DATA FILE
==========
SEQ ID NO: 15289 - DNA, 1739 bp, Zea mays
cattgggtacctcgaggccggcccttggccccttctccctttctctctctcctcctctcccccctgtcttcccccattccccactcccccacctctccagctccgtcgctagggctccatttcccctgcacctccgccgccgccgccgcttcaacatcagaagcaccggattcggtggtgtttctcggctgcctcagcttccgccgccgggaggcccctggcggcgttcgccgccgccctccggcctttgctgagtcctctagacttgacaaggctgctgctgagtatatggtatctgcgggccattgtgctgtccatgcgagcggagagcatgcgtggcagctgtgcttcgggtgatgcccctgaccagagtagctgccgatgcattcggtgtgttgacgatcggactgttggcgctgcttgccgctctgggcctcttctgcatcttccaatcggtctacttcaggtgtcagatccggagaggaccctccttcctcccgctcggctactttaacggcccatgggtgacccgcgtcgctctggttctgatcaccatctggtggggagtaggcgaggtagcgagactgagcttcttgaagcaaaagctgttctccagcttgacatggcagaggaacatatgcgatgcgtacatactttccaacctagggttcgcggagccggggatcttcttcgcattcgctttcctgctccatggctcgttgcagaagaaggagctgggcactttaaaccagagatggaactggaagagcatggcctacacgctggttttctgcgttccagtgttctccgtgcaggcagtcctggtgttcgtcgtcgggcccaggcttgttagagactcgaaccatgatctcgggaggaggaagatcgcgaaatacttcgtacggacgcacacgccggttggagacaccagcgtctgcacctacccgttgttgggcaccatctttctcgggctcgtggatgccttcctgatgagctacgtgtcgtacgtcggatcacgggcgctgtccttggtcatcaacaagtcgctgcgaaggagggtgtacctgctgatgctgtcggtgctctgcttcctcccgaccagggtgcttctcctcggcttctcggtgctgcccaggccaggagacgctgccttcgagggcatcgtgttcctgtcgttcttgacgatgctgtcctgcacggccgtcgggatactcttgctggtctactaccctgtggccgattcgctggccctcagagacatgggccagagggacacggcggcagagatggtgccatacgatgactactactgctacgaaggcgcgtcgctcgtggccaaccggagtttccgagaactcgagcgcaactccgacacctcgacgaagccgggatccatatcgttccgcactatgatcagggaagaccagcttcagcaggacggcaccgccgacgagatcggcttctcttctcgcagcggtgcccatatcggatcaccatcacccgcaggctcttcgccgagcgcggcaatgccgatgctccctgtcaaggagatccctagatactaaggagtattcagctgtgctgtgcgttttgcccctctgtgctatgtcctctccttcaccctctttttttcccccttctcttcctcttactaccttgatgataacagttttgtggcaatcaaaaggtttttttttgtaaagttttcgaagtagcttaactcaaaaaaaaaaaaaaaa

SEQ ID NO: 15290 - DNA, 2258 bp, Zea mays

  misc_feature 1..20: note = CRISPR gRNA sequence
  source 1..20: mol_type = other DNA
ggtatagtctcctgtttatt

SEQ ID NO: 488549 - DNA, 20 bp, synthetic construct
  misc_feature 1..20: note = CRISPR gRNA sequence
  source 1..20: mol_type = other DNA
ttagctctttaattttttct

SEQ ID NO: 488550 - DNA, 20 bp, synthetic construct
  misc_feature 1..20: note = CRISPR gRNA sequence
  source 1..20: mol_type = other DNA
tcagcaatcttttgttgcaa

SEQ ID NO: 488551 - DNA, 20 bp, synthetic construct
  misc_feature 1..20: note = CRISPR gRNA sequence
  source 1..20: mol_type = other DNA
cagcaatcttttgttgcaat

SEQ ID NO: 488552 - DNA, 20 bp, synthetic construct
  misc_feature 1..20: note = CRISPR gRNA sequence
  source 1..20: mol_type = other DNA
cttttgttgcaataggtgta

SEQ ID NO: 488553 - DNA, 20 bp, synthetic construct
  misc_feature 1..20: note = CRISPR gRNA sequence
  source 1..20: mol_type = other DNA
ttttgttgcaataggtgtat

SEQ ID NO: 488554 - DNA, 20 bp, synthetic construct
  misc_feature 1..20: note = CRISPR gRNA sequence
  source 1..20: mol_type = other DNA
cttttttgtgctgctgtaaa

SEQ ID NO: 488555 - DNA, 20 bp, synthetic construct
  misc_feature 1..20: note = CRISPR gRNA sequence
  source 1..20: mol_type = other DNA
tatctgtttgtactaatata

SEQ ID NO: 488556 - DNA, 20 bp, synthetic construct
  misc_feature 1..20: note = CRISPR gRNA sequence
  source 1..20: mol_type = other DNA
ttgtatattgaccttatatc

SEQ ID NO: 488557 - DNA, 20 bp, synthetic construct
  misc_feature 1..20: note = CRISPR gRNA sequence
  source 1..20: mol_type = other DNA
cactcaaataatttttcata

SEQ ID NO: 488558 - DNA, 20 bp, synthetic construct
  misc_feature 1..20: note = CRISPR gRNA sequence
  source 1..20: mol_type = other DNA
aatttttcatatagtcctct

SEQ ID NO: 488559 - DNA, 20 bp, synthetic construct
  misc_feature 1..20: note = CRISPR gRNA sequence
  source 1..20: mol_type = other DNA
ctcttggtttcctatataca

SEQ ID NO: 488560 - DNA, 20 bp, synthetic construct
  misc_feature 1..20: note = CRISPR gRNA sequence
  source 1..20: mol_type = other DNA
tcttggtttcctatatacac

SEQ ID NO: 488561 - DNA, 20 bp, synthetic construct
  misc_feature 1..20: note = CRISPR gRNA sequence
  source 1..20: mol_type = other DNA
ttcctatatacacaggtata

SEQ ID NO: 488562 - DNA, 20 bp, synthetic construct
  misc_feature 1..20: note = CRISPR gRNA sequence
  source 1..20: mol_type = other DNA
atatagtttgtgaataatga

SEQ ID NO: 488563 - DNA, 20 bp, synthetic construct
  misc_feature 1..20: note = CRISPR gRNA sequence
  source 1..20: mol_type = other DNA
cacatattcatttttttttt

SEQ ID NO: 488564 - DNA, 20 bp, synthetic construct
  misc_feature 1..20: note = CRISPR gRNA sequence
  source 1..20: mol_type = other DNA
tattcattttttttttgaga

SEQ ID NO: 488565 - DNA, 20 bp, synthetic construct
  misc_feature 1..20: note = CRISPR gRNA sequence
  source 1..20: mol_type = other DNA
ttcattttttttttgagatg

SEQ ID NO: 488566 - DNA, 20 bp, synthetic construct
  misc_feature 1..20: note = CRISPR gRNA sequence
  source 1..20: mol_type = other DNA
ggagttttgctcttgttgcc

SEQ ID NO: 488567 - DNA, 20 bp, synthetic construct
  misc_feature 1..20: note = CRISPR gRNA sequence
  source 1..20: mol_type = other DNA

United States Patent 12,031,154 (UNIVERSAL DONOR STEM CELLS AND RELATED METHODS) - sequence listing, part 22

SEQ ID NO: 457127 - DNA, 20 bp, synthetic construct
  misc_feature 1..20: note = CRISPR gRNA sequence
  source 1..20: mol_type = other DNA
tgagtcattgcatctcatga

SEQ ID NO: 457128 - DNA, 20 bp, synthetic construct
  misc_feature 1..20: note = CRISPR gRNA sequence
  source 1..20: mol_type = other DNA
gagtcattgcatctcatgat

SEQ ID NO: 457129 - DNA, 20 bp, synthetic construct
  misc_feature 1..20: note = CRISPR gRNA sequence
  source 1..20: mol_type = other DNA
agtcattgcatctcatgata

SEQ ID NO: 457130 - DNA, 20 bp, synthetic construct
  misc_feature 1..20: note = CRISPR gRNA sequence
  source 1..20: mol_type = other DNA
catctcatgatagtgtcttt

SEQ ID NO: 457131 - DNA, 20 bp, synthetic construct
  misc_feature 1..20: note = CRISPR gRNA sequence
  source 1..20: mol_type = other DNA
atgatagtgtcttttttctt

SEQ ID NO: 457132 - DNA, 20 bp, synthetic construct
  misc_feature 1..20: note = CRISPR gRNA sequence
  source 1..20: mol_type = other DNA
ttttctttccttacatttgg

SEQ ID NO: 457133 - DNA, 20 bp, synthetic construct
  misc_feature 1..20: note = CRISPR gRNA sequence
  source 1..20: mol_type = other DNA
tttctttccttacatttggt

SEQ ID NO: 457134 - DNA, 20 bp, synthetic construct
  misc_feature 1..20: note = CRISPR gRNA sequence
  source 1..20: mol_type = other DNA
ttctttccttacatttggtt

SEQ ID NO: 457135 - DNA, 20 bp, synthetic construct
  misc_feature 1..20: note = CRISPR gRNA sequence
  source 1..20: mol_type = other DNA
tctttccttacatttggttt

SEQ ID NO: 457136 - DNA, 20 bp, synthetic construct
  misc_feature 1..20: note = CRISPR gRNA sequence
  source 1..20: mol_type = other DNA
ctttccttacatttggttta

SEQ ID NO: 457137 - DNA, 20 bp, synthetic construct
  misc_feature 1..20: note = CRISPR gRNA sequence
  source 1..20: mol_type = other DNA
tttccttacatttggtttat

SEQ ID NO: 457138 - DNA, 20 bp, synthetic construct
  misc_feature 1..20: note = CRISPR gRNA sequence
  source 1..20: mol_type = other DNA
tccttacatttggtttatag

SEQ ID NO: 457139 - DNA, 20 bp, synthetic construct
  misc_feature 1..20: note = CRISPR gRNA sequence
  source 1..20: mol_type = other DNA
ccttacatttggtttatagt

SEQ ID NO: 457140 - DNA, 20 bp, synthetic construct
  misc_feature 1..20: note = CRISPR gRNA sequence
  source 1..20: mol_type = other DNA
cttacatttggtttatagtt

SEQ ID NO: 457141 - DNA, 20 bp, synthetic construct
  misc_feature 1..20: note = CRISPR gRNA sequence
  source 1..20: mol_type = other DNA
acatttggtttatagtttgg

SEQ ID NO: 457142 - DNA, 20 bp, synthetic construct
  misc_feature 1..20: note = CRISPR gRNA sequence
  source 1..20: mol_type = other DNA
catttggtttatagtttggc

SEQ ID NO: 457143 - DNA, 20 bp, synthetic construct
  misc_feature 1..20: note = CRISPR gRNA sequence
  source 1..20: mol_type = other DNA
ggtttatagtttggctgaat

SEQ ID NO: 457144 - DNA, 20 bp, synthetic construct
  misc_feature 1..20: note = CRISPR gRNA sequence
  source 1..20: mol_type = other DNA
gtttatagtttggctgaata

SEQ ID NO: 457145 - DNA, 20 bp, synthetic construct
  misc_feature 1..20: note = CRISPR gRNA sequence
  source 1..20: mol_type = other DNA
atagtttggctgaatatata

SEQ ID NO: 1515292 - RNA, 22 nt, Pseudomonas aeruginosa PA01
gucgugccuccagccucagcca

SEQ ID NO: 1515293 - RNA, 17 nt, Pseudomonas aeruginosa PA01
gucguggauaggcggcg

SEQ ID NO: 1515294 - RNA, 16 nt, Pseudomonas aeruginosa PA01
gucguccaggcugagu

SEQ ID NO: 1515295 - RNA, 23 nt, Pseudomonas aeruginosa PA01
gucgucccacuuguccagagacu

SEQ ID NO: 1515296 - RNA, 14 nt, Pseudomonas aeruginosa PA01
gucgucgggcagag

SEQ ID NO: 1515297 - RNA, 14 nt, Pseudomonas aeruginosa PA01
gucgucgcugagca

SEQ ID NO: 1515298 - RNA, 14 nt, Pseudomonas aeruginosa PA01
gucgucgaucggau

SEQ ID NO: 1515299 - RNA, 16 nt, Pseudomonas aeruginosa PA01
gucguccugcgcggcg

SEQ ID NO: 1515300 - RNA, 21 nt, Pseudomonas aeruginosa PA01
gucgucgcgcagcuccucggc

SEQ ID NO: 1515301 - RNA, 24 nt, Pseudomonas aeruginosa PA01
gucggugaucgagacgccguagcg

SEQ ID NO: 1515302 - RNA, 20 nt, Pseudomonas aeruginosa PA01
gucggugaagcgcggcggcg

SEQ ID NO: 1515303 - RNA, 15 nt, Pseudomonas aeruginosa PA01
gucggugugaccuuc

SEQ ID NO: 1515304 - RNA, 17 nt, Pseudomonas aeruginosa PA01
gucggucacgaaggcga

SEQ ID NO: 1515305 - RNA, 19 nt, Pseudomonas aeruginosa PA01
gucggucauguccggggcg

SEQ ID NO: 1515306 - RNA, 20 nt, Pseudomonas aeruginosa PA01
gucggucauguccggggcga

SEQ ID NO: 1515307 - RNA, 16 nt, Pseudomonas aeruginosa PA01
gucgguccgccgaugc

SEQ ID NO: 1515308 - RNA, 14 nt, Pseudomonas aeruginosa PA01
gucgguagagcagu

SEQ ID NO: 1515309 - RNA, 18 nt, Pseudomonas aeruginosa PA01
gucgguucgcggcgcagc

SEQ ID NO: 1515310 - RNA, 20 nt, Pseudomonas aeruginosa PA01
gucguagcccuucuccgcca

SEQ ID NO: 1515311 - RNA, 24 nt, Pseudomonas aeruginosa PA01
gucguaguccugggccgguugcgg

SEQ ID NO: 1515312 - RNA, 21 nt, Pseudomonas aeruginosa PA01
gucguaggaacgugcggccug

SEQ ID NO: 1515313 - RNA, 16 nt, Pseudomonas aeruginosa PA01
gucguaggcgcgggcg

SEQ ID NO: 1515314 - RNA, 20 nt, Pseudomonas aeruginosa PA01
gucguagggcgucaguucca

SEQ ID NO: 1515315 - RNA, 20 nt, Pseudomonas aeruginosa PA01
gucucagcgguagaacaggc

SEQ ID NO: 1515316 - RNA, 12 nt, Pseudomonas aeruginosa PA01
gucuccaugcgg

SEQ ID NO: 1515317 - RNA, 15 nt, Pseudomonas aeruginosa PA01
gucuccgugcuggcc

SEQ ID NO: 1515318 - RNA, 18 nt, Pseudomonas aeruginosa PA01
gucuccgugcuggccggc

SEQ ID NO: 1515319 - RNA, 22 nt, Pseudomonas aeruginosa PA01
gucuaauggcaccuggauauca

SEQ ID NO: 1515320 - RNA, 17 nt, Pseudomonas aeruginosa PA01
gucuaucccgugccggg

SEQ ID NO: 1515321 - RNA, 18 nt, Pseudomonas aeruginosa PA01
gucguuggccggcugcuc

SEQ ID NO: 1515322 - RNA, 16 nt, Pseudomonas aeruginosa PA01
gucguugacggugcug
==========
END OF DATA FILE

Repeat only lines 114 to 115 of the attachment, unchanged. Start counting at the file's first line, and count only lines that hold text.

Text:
ttctttccttacatttggtt

SEQ ID NO: 457135 - DNA, 20 bp, synthetic construct